Questionable Spending at Animal Rescue
Published March 5th, 2014
GAINESVILLE -- There are new questions surrounding the finances of a North Central Florida nonprofit after bank statements show numerous questionable expenditures by the group's director—all on the nonprofit's dime.
The statements are for Phoenix Animal Rescue and cover only a 6-month period between Jan. 1st and June 30th of last year.
While the vast majority of purchases shown in these documents are related to the rescue group, there are—by our account—at least $300 worth of questionable charges that at least one professional says violate state law.
"I really started to question, you know, some of her other transactions and purchases," said Cathy Coe, a former board member at Phoenix Animal Rescue.
Coe served as a member of the board for two years. During that time, she gained an intimate knowledge of the nonprofit's financial inner-workings after the group's director, Michelle Dunlap, commissioned her to create a financial plan.
"Michelle sent me her most recent bank statements, along with an email that included information that she had used Phoenix money for personal use," said Coe.
Those bank statements—which were provided to TV20 for verification—show numerous monthly purchases to the online entertainment website Hulu, a subscription to Pandora, numerous iTunes and Netflix purchases, as well as a $175 charge to University Opticians.
"When I started questioning her our relationship definitely changed. She stopped sharing information with me and it wasn't too long after that that I had been removed from the board of Phoenix," said Coe.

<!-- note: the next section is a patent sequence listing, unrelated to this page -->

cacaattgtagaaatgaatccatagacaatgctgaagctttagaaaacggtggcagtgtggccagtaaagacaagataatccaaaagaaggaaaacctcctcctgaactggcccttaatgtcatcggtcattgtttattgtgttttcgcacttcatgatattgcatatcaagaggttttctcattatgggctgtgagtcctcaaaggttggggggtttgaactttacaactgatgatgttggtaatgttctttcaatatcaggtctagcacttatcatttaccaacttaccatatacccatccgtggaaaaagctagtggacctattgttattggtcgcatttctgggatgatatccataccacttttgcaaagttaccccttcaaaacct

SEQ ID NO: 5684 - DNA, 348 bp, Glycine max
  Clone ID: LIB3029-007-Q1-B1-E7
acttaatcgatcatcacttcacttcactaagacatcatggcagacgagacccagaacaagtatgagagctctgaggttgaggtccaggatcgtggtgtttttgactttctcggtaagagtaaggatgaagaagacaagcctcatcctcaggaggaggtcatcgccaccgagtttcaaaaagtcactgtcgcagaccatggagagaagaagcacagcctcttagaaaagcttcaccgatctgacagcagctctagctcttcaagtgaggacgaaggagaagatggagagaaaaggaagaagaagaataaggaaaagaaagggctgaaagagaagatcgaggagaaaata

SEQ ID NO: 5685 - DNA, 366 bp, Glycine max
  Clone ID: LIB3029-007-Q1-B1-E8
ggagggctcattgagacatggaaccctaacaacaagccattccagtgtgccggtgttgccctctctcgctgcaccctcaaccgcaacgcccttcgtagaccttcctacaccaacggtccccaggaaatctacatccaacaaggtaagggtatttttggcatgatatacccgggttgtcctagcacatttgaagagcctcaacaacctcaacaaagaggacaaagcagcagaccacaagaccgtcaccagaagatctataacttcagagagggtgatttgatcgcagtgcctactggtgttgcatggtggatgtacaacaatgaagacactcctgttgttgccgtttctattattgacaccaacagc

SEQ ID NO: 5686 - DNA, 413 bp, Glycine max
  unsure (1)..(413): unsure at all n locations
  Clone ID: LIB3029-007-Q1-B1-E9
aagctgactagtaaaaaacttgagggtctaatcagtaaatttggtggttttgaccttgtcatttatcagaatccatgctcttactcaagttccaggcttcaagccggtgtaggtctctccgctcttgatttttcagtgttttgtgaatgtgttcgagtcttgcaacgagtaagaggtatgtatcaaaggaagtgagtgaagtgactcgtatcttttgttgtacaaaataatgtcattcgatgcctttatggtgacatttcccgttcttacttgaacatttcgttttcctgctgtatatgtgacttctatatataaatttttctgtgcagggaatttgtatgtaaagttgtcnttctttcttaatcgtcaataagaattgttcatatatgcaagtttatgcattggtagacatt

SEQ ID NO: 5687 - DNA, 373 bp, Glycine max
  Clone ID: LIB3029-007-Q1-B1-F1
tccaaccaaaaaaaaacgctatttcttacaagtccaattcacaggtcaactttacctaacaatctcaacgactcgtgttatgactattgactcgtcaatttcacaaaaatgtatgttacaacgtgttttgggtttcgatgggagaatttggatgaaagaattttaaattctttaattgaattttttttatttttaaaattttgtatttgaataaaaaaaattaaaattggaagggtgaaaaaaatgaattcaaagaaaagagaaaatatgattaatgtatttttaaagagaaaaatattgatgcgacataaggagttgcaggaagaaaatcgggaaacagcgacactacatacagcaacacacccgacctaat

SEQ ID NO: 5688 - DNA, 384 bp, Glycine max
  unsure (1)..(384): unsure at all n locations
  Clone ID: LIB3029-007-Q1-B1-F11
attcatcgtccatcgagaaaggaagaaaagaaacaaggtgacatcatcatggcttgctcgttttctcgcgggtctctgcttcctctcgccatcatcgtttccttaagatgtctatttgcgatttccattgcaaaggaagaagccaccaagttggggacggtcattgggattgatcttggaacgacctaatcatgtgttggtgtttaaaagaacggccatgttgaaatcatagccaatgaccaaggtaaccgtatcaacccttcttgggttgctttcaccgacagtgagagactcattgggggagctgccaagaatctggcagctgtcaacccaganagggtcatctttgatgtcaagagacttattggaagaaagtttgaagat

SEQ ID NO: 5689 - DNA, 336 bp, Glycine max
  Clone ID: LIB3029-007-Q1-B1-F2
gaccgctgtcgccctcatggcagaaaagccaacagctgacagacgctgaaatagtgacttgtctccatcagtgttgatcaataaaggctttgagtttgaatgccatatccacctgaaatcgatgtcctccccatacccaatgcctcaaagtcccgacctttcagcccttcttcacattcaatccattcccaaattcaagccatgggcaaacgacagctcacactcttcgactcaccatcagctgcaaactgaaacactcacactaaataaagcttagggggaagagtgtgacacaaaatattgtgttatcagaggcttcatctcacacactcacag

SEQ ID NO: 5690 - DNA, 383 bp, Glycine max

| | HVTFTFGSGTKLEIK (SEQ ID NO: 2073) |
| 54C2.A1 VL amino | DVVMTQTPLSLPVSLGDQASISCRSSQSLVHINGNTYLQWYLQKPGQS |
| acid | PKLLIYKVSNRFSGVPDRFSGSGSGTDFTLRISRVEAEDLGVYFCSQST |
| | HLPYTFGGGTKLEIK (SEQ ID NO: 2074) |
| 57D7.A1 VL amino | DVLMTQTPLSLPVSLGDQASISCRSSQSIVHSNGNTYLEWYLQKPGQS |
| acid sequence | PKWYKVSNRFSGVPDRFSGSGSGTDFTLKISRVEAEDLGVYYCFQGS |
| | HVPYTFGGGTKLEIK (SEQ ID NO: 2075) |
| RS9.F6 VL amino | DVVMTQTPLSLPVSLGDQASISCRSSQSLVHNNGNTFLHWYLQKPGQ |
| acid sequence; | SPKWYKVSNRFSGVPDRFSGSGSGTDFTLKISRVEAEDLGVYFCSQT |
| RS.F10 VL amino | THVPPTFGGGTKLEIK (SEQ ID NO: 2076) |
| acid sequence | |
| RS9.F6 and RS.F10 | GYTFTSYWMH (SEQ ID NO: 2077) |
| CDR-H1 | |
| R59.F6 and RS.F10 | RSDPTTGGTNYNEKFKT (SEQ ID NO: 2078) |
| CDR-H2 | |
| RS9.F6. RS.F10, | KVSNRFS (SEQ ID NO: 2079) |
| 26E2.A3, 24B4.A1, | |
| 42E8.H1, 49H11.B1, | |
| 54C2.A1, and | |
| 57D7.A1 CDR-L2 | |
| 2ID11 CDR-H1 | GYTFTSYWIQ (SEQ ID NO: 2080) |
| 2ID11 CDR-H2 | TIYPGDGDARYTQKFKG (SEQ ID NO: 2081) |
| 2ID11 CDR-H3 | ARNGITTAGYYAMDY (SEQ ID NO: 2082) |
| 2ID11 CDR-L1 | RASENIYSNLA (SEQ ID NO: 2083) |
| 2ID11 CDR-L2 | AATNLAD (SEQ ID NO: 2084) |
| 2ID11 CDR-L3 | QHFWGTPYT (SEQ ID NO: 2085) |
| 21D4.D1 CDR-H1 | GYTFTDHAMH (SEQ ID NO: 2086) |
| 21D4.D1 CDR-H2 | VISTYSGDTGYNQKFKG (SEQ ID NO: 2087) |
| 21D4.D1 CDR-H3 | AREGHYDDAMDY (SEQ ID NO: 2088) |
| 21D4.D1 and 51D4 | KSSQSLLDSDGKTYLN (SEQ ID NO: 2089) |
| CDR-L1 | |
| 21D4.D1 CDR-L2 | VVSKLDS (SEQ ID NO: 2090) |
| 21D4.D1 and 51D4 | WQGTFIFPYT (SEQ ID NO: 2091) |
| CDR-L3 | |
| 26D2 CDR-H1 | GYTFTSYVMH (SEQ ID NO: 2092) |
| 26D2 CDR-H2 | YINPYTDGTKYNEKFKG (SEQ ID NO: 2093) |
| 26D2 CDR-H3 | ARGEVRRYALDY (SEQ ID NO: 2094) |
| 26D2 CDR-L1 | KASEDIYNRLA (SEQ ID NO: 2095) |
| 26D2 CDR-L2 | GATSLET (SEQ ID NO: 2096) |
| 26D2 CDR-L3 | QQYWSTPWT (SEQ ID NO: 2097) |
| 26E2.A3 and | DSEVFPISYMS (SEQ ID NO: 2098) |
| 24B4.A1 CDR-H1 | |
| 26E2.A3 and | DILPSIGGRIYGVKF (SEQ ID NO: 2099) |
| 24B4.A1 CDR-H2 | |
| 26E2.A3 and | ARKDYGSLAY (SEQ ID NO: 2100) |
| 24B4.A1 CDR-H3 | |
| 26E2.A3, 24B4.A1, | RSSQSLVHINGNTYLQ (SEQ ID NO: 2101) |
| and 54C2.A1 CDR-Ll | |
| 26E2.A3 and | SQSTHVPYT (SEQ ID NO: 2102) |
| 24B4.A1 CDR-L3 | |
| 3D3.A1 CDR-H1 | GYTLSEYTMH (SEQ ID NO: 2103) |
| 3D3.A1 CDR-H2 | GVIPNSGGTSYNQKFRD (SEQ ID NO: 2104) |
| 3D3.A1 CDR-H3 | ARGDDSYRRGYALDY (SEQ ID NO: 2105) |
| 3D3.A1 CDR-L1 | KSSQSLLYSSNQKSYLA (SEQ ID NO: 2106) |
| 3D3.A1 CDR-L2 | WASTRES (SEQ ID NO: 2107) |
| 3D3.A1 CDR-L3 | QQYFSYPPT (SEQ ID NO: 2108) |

In an interview last week, Dunlap told TV20 the purchases were all paid back in full and were in-line with common accounting practices.
"Those are allegations that are based on a snapshot of information," said Dunlap. "There's what's called a 'loan to shareholder' when you're a corporation, and you can loan money to a shareholder, and they can pay you back."
But Scott Krueger, a longtime Tax and Business Attorney in Gainesville, says a not-for-profit, by definition, doesn't have shareholders. He says state law actually prohibits nonprofits from making any loans to its directors.
"Since 1990, there's been a statute under Florida Statute 617, that says officers or directors of a not-for-profit company can not make a loan to themselves. Or the board cannot make a loan to that officer—and it's pretty black and white," said Krueger.
Michelle Dunlap contacted TV20 late Wednesday to say she misspoke during her interview last week. She said her CPA—whom she would not name—gave her the wrong advice about the loan to shareholder arrangement, and that she was misinformed.
She also told us the charges to Hulu were "for the Disney dog movies" her dogs would watch when she's away from the property. Hulu does not offer any Disney movies, however.
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